Anyway...as you are doing..research how to deal with the knife edge and it's screws. There is TONS of help and info out there and...take your time, do each screw incrementally a little at a time...you and your guitar will be JUST FINE!
    Congrats on the SE. They are an AMAZING value...and just an amazing guitar at any price. Honestly, since I got the Tremonti SE Custom...my USA PRSs don't get a whole lot of use.

    Keep us posted and if you need any help...this is the place tot get it. I'm not the right member but there are many among us who have done this before with no issues and they, I'm sure, are happy and willing to help.

  11. #11
    Occasionally Onery Member CantankerousCarl's Avatar
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    Quote Originally Posted by blaren View Post
    That twould give you a great excuse to buy a new Mann bridge or if that's too pricey, I'm sure you can find SE trem bridges for peanuts on the Bay. Just make sure IT isn't damaged too...but they're probably out there for cheap from people who upgraded to a Mann.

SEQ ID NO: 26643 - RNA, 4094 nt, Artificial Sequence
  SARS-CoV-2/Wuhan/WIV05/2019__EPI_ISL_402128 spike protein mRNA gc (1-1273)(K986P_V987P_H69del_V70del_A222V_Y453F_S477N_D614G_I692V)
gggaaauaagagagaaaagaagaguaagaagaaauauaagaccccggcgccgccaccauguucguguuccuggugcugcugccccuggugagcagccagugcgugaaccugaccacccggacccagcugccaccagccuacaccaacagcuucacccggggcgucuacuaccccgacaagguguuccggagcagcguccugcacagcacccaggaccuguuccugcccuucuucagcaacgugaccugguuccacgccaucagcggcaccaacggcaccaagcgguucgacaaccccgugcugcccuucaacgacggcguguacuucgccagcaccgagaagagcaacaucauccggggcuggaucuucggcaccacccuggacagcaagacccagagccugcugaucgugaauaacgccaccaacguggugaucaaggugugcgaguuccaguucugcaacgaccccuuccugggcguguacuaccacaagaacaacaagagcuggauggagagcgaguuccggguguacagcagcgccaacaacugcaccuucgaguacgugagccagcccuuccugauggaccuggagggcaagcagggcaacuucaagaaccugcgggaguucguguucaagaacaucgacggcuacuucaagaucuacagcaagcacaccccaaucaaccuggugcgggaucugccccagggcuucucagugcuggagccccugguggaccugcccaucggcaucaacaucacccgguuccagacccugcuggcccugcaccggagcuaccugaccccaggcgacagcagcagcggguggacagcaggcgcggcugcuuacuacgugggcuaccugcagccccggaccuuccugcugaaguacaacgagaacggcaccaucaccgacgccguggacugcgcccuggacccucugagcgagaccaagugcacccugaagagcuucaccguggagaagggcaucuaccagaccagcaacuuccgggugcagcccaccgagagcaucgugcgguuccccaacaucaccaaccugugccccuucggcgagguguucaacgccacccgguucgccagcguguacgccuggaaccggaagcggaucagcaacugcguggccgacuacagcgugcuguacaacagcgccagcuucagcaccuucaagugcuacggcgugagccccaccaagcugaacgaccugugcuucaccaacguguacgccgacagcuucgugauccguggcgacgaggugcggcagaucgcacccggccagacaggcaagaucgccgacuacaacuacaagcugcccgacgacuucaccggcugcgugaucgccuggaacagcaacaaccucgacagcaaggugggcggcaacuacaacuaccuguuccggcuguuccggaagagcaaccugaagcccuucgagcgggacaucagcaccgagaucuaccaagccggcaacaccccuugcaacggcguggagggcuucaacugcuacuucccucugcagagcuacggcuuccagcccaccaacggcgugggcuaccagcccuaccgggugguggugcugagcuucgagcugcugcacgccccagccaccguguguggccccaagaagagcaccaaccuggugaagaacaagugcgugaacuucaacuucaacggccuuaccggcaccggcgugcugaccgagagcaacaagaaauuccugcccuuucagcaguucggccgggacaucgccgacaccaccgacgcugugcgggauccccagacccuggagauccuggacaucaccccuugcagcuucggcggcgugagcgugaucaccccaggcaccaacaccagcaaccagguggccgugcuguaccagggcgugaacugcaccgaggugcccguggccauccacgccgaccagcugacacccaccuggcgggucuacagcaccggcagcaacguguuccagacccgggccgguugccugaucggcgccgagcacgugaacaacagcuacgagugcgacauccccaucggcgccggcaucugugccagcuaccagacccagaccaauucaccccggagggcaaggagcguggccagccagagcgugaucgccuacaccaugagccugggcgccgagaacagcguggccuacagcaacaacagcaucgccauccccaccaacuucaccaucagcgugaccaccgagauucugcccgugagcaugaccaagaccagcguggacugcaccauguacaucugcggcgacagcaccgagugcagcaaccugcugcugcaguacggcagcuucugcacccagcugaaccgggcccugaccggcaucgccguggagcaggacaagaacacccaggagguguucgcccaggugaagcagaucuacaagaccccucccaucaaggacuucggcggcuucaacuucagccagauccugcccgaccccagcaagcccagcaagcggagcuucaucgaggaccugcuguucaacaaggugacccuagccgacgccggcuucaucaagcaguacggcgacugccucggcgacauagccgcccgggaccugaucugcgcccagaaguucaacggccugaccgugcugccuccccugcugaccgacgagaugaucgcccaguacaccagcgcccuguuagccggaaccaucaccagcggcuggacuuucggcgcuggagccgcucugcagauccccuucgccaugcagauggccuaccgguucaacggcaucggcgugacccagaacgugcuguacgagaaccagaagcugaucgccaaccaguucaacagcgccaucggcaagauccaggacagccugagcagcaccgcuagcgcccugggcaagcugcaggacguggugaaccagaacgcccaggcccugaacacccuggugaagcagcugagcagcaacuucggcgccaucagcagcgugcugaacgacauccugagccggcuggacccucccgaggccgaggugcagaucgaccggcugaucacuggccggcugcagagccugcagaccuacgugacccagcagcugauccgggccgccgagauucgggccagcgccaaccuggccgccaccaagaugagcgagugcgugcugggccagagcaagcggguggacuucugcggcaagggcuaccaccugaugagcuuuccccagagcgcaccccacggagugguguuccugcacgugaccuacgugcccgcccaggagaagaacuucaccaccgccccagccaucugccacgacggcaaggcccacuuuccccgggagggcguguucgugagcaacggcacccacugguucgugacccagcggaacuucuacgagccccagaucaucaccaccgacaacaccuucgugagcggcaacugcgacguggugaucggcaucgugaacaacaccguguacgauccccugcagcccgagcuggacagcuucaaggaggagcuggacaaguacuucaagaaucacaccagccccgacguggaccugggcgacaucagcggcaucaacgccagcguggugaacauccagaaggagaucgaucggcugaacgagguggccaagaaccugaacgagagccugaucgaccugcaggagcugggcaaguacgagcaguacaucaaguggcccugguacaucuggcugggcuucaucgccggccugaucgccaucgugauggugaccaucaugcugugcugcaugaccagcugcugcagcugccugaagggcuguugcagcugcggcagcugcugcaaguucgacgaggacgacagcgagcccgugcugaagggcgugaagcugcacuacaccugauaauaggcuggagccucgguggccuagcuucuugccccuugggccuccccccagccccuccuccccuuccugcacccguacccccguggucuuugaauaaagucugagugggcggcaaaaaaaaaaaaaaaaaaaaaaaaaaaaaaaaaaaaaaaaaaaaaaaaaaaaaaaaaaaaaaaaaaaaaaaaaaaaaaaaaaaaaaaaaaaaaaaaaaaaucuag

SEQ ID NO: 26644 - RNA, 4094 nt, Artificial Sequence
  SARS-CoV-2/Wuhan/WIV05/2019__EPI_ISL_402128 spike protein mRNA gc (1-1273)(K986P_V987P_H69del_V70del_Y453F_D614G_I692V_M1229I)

From one of my PTC inquiries, I was told that the PRS/Mann bridge screws are in different places - so a Mann Made or PRS Trem is not a drop-in for an SE.
    1990 CE24 MT | 1991 CU24 | 1991 CE24 | 1992 CE24 MT
    1993 STD 24 | 1997 CE24 3pc MT | 2008 SE Semi-Hollow Soapbar
    2011 SE Akesson | 2011 CU24 GC Throwback | 2012 Signature Limited
    2013 408 Brazilian | 2013 Paul's Guitar | 2013 S2 Mira | 2013 Hollowbody II
    2013 CU24 Swamp Ash Limited | 2014 SE Zach Myers (incoming)

  12. #12
    Senior Member garrett's Avatar
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    Quote Originally Posted by jrw32 View Post
    As you can see in the pic, it's the front of the bridge. Whoever had it tightened the screws all the way down. The spring claw screws were not tightened at all. I know it's not advised, but I may try incrementally raising the screws tonight as instructed by PRS. Dumb question though: how will I know if the previous owner ruined the knife edges? Anything visible I should be looking for? Thanks again all!
    The screws should have nice smooth V's in them. The holes in the bridge plate should be nice and round. If someone tightened the screws with tension on the strings, there will be nasty gouges in the plating and probably into the brass, too.